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Location: Mars Hill, NC, United States

A small, highly personalized real estate firm specializing in mountain homes and land in greater Asheville.

Monday, June 30, 2008

May, 2008 Real Estate Data

Every month, and we seem to be one of the few who do this, we round up the major supply-demand indexes for the national housing market.

Here are the real estate statistics for May, 2008, no spin, no slant, just the facts, and some historical perspective.

The Quick Summary
Compared to one year ago, inventories remain huge, with little or no help from the demand side. We are now into the territory where 2008 numbers are being compared with the already depressed levels of 2007. The bottom remains in the distance.

Supply Factors

Permits, Starts, and Completions, (PDF): These leading indicators declined by 36.3%, 32.1%, and 26.9% from the already depressed levels of May, 2007.

Money-CNN notes that this is a 17 year low for the construction industry. The Big Picture echoes that, and in the charts, we see that housing starts are now 68% less than the peak in January, 2006.

An array of factors are at work here including, huge inventories, distressed sellers of existing homes, rising foreclosures, higher mortgage rates, and declining property values.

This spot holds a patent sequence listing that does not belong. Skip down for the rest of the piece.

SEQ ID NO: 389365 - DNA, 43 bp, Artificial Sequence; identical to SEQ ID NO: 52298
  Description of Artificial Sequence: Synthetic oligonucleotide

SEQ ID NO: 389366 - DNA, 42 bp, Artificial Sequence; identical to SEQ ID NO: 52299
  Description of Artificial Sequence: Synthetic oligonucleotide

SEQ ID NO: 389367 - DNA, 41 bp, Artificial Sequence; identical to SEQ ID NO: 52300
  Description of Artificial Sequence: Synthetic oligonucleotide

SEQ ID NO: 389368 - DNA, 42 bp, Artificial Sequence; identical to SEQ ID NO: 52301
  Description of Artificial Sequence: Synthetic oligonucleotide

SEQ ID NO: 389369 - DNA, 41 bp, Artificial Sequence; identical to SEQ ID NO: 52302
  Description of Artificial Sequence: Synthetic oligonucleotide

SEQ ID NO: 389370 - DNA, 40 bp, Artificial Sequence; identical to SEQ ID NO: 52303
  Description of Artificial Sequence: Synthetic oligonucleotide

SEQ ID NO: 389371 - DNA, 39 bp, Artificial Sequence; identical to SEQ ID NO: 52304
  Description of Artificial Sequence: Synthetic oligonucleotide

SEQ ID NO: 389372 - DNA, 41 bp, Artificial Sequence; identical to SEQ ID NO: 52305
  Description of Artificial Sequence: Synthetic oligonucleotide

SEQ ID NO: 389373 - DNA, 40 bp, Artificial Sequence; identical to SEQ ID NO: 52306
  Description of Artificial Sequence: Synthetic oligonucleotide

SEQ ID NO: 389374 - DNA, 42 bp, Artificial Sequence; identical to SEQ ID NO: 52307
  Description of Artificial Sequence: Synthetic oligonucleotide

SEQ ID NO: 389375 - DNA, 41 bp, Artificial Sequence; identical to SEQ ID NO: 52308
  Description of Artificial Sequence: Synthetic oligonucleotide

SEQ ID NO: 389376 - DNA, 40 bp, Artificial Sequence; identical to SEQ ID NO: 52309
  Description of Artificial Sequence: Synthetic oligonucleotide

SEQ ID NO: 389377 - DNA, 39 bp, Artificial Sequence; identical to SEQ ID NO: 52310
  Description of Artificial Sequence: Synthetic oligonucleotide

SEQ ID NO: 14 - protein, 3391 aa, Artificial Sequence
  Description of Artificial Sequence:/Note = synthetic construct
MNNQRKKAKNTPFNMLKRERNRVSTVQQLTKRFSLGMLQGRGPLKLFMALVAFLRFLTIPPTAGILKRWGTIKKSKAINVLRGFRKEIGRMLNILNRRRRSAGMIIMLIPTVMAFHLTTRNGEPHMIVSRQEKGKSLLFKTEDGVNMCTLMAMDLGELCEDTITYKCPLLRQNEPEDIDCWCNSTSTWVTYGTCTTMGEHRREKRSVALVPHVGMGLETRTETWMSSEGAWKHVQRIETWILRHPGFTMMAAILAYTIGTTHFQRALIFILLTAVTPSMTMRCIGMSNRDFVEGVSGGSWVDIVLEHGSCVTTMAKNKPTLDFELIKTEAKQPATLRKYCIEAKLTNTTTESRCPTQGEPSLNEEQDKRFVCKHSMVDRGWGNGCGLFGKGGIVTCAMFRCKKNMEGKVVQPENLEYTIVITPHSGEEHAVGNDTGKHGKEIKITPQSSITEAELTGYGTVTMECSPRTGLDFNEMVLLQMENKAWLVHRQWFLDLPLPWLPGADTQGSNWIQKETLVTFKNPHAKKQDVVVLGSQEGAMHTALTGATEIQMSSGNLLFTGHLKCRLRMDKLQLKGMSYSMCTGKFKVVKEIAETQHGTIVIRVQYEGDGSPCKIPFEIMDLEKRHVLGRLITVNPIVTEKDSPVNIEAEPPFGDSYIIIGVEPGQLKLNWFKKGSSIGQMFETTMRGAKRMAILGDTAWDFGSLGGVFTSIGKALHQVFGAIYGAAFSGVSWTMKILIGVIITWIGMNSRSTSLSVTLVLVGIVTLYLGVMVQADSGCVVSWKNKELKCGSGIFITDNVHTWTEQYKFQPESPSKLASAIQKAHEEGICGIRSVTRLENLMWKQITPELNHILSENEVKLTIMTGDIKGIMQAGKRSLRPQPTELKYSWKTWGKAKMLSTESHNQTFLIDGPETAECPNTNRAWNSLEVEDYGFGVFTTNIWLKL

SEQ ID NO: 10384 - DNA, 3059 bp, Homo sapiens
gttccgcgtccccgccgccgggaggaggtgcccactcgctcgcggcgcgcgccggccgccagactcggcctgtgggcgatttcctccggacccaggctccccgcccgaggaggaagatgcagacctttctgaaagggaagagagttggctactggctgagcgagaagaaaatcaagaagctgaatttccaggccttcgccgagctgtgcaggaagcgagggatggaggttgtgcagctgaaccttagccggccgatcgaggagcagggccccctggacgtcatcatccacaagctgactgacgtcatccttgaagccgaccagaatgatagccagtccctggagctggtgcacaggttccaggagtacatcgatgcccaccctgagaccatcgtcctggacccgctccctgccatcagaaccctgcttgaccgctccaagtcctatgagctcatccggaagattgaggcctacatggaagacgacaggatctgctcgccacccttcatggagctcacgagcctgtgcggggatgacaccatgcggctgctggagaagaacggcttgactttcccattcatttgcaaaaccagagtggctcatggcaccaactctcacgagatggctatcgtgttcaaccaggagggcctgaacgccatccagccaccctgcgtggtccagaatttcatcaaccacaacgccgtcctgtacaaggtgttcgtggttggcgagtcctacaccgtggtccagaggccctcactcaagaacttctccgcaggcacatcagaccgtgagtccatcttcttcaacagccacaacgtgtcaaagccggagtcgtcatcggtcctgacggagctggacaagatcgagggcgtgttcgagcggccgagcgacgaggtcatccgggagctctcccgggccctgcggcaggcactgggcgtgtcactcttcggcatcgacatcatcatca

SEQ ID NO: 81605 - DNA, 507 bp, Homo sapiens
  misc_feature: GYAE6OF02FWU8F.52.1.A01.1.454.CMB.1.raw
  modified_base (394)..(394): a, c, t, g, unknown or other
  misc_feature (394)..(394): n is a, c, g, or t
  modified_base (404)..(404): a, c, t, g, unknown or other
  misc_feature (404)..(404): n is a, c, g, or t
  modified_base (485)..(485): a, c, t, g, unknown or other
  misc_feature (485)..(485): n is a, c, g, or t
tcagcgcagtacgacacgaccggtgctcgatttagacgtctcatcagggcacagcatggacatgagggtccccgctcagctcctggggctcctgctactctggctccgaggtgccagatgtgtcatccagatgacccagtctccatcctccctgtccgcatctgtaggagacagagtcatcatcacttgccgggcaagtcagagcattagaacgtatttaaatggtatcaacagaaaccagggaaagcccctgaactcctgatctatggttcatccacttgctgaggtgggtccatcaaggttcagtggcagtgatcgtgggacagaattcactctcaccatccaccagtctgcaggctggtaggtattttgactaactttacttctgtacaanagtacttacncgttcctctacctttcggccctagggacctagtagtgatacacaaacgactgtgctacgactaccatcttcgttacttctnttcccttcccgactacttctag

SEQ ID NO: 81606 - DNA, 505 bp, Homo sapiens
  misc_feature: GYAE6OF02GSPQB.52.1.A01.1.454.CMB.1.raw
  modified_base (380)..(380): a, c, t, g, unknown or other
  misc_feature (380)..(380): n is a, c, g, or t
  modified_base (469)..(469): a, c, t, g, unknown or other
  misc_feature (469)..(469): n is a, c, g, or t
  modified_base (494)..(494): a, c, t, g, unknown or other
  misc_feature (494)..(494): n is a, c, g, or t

Paper Economy shows us that in the South, the data for new home construction was a little worse than nationally.

New Home Inventories, (PDF): Now sit at a 10.9 months' supply. This is 39.7 % more than the already inflated inventory in May, 2007. We look for builders to stay in cutback mode.

Existing Home Inventories, (PDF): Now stand at a 10.8 months' supply, as compared to a 4.5 months' supply in 2005 and 6.5 months in 2006.

Demand Indexes
New Home Sales, (PDF): More than 40% less than May, 2007, while the average price declined by 5.7% from one year ago.

The Big Picture pulls out a list of added highlights from the data, including a chart showing that the May new home sales have now fallen 63% from the peak of July, 2005.

Calculated Risk gives further perspective, which sadly shows this to be the worst season for new home sales since record keeping began in 1963.

A single bright spot is that the raw number of homes for sale is falling. However, with demand so low, the months' supply remains around double what would be called normal.

Paper Economy shows us that in the South, new home sales were slightly better than national levels.

Existing Home Sales, (PDF): Around 16% less than May, 2007, with both average and median prices falling by approximately 6.5%.

Interest Rate Roundup has a nice analysis in a fairly quick read, including a prognosis.

Paper Economy shows that in the South, sales were slightly worse, but prices were slightly better.

Time yet to find a bottom. Prices have not fallen enough in order for demand to begin to lower excessive inventories in all sectors.

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Black Bear Realty Website
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